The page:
Tom Thompson

Scents of the Homelands

The window smells of someone else’s apples. Caw
comes from a raw tree, its branches bare of everything
but the caw: A birdless sound not quite hungry,
not quite not, occupies space like an invisible army,
like the one buzzing in your breadbasket. Leaves
swirl in a signature scribble. Their swishes
swap nothing for air, make room for low-flying jets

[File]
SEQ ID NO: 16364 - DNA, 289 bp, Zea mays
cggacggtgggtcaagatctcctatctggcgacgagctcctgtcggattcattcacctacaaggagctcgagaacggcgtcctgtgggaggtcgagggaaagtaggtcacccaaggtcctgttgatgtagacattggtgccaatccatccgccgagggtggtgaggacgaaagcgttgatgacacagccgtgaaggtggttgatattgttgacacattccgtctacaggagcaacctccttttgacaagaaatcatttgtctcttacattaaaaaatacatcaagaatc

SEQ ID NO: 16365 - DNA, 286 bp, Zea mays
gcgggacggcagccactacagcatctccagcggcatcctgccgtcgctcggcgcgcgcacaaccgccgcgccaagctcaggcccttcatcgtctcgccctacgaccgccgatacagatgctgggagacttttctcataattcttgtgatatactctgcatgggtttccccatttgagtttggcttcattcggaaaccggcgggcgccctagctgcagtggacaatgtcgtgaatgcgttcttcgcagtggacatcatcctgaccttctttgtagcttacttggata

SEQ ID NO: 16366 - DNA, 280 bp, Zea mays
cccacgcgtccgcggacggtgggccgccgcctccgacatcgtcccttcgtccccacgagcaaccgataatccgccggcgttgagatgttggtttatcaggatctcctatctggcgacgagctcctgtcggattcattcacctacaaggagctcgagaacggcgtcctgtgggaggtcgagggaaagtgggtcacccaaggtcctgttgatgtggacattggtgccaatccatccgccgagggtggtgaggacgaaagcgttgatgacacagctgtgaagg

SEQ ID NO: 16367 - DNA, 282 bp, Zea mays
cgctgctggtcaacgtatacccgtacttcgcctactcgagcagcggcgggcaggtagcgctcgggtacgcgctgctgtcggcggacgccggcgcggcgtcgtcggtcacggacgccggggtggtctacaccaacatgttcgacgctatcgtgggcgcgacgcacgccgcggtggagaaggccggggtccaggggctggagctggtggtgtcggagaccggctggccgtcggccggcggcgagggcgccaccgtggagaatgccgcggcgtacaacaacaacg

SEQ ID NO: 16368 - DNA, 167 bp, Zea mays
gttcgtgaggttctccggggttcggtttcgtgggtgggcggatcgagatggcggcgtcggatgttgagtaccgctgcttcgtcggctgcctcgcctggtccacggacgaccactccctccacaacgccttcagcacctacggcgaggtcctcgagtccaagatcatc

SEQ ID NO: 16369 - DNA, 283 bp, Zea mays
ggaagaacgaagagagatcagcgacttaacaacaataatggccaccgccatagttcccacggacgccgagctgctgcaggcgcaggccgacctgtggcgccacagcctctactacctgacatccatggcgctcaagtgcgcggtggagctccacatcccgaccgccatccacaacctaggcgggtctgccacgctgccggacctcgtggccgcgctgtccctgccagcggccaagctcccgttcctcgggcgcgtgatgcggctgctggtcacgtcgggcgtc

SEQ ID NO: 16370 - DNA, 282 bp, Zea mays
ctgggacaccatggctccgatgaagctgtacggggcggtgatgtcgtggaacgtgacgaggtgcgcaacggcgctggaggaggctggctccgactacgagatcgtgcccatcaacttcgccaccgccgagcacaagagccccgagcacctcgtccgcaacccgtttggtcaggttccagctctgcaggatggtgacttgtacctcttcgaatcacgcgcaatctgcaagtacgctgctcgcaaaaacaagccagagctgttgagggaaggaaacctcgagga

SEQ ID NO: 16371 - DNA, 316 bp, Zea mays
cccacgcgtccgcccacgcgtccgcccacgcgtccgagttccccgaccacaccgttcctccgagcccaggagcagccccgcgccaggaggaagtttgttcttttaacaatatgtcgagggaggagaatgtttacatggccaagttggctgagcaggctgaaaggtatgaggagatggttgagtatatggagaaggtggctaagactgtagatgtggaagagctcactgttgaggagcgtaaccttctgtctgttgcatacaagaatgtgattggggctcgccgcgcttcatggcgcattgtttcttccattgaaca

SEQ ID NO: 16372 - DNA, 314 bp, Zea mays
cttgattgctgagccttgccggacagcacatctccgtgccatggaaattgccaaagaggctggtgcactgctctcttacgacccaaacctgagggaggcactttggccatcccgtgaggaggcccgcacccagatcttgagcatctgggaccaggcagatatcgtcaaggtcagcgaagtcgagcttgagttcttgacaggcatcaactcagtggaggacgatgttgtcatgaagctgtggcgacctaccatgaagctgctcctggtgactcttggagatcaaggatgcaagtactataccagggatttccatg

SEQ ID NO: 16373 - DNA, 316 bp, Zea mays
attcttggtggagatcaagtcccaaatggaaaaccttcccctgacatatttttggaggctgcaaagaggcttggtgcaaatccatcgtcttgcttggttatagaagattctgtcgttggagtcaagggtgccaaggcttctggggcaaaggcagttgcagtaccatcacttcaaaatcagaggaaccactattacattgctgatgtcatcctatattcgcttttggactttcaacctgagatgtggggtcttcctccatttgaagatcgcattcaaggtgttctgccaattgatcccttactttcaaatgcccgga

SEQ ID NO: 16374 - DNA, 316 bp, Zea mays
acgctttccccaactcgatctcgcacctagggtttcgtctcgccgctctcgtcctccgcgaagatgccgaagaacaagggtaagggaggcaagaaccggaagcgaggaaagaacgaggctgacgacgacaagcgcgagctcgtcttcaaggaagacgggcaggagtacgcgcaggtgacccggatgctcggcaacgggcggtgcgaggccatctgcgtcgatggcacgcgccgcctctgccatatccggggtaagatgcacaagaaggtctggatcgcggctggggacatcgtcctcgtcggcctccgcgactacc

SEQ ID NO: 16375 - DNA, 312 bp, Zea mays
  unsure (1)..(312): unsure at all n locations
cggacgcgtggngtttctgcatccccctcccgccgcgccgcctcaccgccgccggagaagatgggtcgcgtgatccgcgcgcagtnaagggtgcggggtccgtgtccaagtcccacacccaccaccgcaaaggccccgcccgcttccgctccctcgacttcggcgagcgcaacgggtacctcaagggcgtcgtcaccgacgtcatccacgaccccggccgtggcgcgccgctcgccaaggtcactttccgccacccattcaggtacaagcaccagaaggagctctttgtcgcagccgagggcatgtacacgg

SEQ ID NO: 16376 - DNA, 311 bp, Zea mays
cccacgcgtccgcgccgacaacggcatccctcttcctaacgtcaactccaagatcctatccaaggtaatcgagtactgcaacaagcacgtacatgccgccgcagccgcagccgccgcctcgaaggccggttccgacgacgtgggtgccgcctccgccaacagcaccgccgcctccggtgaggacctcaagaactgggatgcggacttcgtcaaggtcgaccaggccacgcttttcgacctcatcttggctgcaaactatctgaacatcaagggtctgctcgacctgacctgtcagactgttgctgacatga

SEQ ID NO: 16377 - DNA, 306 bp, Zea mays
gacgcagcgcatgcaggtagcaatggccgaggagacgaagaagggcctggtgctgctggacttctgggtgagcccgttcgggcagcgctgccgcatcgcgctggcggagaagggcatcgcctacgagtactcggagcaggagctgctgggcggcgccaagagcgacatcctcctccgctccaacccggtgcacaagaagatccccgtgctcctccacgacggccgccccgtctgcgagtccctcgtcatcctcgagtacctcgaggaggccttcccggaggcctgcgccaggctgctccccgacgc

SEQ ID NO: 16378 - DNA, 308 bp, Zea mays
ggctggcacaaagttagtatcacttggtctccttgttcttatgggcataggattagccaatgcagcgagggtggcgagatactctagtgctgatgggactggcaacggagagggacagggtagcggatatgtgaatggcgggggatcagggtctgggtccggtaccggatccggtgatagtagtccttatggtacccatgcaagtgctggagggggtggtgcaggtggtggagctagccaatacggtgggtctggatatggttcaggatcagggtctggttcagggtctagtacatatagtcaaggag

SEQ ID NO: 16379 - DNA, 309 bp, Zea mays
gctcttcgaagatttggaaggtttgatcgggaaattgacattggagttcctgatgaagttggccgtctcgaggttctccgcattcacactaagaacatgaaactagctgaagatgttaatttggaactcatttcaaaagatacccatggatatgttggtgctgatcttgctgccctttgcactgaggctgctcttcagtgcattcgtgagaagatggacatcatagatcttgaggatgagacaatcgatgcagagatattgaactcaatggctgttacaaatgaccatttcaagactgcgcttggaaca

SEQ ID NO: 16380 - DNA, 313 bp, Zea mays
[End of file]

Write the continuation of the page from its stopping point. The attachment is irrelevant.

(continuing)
on your breakfast tray, more sirens sliding shut
your throat. Mind love’s pitched scent for once—
How it trades targets with silence, ignores the sleep that flashes
blank chambers at you. All night you spent cocked
with waking, shackled to copters closing in and as
suddenly gone in the calm-enough morning.



“Scents of the Homelands” is from The Pitch (Alice James Books, 2006).